Ductile iron, also referred to as nodular iron or spheroidal graphite iron, was patented in 1948. After a decade of intensive development work in the 1950s, ductile iron had a phenomenal nine-fold increase in use as an engineering material during the 1960s, and the rapid increase in commercial application continues today.
An unusual combination of properties is obtained in ductile iron because the graphite occurs as spheroids rather than as individual flakes as in gray iron. This mode of solidification is obtained by adding a very small, but specific, amount of Mg to molten iron of a proper composition. The base iron is severely restricted in the allowable contents of certain minor elements that can interfere with the graphite spheroid formation. The added Mg reacts with the sulfur and oxygen in the molten iron and changes the way the graphite is formed. Control procedures have been developed to make the processing of ductile iron dependable.
The high C and Si content of ductile iron provide the casting process advantages, but the graphite spheroids have only a nominal influence on the mechanical properties of the metal. Ductile iron, like malleable iron, exhibits a linear stressstrain relation, a considerable range of yield strengths and, as its name implies, ductility. Castings are made in a wide range of sizes with sections that can be either very thin or very thick.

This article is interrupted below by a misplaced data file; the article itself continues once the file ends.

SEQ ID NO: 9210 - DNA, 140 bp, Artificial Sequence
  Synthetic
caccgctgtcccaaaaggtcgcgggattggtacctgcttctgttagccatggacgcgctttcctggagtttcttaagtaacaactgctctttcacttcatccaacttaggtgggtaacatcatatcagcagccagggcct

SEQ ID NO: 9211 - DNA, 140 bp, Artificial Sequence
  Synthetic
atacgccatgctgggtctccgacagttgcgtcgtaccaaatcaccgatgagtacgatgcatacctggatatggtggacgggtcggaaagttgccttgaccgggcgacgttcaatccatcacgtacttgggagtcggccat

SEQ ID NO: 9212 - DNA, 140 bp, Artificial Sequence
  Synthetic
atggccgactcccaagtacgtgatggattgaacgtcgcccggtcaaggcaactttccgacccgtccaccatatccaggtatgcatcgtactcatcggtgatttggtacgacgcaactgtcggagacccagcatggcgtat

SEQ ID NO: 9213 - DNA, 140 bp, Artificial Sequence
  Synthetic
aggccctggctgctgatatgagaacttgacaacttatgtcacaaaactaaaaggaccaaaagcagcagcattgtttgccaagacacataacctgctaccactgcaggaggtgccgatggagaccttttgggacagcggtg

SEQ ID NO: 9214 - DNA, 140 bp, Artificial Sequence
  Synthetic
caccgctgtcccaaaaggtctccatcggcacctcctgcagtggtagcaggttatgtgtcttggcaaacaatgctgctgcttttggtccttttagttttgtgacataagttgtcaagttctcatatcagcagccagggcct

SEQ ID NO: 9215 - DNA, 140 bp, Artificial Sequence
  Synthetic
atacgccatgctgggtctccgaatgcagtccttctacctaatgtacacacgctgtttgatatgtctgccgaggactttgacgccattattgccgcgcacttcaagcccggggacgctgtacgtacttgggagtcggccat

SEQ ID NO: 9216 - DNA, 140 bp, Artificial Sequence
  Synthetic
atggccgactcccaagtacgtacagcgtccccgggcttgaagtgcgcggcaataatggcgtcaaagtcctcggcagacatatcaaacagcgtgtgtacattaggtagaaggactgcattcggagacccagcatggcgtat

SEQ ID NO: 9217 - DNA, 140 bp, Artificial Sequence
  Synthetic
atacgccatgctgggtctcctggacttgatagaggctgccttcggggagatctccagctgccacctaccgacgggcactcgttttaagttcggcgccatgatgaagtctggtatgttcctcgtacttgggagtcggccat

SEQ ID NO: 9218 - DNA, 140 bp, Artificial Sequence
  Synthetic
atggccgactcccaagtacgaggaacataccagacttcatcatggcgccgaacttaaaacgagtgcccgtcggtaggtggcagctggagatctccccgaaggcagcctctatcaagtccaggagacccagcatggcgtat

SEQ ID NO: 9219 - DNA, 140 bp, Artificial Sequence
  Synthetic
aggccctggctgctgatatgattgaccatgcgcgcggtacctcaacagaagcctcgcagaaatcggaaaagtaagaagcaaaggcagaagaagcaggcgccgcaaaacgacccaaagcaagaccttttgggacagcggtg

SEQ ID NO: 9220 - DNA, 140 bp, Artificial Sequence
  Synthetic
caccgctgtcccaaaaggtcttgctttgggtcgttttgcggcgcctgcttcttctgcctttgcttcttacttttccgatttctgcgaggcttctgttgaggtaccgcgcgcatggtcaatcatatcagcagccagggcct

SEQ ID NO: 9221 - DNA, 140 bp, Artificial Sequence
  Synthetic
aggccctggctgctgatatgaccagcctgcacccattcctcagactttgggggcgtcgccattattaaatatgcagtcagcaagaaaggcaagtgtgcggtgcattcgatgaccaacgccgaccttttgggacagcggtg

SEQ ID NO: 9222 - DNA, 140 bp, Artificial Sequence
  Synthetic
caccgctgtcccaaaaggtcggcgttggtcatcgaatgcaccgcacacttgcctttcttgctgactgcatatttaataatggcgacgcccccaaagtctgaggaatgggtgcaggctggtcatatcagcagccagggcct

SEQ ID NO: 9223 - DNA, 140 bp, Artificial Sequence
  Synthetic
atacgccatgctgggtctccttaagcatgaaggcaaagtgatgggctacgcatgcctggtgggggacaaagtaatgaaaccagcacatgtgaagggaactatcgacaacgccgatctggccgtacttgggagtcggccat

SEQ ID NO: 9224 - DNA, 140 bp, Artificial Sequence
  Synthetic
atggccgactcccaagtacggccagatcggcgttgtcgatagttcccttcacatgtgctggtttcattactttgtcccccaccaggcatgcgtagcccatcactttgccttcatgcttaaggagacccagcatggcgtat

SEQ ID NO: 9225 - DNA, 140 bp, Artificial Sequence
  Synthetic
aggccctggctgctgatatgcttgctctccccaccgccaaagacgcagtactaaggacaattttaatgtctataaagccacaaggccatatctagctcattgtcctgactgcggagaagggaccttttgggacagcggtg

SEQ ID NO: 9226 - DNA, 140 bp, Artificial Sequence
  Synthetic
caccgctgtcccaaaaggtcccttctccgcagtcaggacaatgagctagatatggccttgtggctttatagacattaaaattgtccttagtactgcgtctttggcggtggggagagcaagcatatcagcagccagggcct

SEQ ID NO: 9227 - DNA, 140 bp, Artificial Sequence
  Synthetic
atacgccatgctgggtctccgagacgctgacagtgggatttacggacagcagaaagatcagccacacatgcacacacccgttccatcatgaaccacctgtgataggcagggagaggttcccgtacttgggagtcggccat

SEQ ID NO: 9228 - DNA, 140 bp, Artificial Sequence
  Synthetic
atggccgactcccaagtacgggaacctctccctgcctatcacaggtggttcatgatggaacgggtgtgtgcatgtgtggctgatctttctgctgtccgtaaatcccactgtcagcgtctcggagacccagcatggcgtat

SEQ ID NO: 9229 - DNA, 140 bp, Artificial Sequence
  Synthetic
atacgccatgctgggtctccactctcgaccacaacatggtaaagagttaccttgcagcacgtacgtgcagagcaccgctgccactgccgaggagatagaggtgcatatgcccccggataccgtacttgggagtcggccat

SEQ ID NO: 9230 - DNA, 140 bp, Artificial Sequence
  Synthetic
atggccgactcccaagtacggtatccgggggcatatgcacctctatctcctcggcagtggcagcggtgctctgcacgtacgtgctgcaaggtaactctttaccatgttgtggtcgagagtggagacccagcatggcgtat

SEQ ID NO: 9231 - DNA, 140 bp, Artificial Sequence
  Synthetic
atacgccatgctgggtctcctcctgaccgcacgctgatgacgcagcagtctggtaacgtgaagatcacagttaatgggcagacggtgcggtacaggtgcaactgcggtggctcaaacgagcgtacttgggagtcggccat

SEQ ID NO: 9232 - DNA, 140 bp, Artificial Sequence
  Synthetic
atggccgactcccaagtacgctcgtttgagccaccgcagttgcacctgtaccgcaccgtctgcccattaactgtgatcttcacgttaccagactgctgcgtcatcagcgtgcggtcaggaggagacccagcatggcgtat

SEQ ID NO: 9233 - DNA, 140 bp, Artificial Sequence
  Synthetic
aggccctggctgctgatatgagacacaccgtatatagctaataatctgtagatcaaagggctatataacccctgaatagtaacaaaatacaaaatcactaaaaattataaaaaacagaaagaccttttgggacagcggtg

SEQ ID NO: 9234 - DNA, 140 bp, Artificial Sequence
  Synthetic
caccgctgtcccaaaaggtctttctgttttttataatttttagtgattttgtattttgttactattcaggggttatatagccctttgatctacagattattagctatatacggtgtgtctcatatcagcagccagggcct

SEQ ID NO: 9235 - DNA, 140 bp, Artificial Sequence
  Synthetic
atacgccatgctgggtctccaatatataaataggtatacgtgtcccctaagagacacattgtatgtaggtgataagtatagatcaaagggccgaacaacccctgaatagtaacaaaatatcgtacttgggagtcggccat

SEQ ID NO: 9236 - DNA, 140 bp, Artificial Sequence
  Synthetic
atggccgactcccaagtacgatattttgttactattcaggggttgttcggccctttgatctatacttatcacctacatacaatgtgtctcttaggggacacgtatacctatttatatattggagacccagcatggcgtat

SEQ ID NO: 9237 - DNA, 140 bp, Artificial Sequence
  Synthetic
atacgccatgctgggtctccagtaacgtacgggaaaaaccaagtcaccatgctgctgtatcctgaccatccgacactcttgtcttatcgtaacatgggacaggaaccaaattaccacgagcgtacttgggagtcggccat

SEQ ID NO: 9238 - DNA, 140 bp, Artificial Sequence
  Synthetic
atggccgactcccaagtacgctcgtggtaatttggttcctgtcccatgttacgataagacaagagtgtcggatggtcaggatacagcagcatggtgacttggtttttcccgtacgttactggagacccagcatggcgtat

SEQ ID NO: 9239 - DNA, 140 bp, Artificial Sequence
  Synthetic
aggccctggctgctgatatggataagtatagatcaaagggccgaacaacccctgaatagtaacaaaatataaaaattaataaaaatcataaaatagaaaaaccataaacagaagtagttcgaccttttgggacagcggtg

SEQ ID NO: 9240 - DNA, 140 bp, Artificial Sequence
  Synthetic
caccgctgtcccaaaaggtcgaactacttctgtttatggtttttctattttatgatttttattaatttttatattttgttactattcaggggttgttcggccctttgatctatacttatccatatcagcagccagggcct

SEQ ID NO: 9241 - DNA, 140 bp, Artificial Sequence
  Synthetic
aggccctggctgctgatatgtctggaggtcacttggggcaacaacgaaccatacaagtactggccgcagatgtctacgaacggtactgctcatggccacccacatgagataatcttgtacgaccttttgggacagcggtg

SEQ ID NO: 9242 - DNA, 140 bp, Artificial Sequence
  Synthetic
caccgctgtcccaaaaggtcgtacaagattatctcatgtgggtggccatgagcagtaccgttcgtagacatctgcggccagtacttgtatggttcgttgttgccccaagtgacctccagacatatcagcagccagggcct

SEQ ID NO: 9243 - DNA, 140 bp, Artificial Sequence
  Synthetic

The different grades are produced by controlling the matrix structure around the graphite either as-cast or by subsequent heat treatment. Only minor compositional differences exist among the regular grades, and these adjustments are made to promote the desired matrix microstructures. Alloy additions may be made to ductile iron to assist in controlling the matrix structure as-cast or to provide response to heat treatment. Special analysis ductile irons and high-alloy ductile irons provide unusual properties for special applications.